I recently went through a bit of an electrical shock (excuse the pun) when we started getting our electrical bills, for our newly purchased home. We bought it in early spring and noticed that our electricity usage kept going up. We discovered that our local library loans out electricity power meters so we borrowed one for a few weeks. We were determined to find out what was causing our electricity usage to continue to rise.
We were concerned about the obvious appliances as all of the appliances that came with the house were all 20-30 years old, nary an Energy Star ranking among them (as far as I could determine), so I started to test them all. Bear in mind that although I tested all of these appliances (the ones I actually could, of course, not able to test 240 V ones) I have no “current”, modern ones to compare the results to. What I can do is compare all of the items tested with each other. My fridge, being greater than 20 years old, is no worse than my 8 year old water cooler. The big shocker for me was my computers. I have 2 computers, one is my desktop that is for everyday use, the other is my server that I use for streaming music from, a website to play with, etc. My desktop I discovered has power saving abilities but weren’t active (in the OS) so I activated it then tested it over a 24 hr period. A certain amount of that time was actual usage, the other was when the PC was idle. Since I was able to activate its power saving abilities, the cost of running that machine over the year amounted to approx. $280. My server unfortunately had no such power saving abilities as its a server machine. Its always on, always available. Its calculated power cost for year turned out to be $1187.14. That’s just about 5 times more than the desktop! Needless to say, I only have that machine on when I need it.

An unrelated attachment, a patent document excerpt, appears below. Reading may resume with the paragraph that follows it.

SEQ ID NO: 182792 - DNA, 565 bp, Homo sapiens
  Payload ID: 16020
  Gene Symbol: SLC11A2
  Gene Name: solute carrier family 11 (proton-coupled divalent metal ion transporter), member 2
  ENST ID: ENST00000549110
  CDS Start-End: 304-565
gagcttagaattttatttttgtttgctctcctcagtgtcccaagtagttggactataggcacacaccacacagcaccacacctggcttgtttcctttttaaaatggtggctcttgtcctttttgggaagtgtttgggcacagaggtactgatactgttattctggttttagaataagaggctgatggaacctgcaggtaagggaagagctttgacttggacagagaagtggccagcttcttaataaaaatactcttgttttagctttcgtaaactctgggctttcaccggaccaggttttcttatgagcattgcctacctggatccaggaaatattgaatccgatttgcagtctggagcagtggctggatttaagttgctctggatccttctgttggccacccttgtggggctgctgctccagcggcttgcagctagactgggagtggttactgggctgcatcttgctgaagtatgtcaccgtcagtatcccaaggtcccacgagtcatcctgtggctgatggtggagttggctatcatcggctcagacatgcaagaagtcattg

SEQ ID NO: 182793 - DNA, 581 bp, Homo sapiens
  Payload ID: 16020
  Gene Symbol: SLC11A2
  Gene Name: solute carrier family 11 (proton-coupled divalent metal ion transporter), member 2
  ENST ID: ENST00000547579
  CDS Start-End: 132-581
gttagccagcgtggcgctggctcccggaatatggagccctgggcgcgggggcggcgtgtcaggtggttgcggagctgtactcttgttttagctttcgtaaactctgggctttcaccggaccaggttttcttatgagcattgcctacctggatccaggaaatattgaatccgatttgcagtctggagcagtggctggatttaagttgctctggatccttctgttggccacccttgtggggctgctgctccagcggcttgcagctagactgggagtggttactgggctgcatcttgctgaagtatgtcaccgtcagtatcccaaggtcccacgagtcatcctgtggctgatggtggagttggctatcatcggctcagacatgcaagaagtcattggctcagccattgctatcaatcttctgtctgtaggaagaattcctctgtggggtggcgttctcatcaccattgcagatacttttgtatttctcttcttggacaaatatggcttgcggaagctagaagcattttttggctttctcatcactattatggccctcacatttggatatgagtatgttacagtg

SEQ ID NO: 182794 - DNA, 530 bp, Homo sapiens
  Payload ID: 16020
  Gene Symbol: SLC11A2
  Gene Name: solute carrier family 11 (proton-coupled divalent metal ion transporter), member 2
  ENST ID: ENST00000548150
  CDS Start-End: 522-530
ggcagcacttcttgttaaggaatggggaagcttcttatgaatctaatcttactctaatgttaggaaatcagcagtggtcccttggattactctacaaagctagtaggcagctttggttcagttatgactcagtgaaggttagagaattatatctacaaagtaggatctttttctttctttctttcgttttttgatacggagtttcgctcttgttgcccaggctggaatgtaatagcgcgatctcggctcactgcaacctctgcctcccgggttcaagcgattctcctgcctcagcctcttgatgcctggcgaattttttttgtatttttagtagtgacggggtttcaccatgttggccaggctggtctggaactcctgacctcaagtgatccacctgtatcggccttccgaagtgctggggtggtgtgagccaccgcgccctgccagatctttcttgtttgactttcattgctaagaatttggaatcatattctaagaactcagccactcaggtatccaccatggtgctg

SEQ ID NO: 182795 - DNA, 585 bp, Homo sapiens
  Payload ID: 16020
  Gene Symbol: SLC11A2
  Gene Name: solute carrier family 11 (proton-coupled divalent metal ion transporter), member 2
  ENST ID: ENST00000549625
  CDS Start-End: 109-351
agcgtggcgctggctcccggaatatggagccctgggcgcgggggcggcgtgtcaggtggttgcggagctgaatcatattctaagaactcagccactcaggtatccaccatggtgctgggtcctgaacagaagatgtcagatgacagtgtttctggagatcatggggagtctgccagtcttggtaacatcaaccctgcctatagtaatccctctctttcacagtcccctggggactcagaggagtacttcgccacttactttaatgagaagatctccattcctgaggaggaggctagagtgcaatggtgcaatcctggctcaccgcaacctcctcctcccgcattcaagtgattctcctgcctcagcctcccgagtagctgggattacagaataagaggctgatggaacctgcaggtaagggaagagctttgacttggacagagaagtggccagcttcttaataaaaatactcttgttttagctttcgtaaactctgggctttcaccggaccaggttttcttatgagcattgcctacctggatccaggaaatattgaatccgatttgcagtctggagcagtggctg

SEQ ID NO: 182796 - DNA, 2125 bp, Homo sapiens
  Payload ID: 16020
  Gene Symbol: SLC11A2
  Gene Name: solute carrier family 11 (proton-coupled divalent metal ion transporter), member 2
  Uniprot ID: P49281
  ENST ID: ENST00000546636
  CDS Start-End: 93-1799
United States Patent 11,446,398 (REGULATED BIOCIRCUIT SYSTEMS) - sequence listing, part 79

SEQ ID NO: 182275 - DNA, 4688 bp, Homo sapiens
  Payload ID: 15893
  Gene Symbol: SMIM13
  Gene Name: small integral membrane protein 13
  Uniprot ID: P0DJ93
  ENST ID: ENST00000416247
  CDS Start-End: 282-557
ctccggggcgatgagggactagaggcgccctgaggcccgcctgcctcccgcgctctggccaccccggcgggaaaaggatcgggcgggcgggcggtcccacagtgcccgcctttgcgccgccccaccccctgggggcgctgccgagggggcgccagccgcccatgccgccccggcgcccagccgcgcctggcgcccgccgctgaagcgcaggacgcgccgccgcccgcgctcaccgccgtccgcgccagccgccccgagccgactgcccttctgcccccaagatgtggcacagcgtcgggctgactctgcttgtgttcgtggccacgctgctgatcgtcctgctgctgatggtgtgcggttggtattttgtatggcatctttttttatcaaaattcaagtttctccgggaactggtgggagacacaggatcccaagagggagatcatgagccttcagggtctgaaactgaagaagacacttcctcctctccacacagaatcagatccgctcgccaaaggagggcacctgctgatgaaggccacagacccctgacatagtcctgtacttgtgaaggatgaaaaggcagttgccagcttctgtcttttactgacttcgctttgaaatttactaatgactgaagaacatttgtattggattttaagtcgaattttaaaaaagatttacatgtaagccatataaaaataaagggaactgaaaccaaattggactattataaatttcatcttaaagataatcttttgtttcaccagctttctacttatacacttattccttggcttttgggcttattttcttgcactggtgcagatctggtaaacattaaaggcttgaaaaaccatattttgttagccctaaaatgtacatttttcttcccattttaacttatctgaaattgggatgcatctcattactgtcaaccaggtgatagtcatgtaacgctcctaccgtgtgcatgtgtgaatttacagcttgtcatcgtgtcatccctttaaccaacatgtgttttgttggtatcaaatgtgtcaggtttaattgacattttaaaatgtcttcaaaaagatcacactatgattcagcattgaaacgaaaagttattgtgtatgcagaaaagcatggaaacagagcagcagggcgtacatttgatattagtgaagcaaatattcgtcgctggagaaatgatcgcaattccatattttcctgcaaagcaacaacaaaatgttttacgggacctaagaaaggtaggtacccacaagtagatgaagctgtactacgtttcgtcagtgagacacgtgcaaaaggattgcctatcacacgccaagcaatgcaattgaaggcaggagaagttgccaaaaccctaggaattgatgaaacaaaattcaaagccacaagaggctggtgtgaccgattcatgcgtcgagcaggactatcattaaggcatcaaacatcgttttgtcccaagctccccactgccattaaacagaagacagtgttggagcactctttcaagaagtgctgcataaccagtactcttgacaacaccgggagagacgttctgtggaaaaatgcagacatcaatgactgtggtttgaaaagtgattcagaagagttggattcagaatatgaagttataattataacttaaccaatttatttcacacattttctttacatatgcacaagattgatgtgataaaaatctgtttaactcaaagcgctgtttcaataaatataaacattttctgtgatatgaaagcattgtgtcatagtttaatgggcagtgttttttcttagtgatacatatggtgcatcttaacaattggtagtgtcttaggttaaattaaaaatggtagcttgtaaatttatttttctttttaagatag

This has made me aware of all of the power that is being consumed, not necessarily when something is being used but simply because its plugged in. Everyday items that you don’t even think about like toasters, or cell phone chargers, or TV’s, stereo equipment or printers and fax machines.
The following YouTube video was taken from the site http://www.vampirepowersucks.com, it has some interesting information there with links to a blog with some interesting industry articles. Check it out: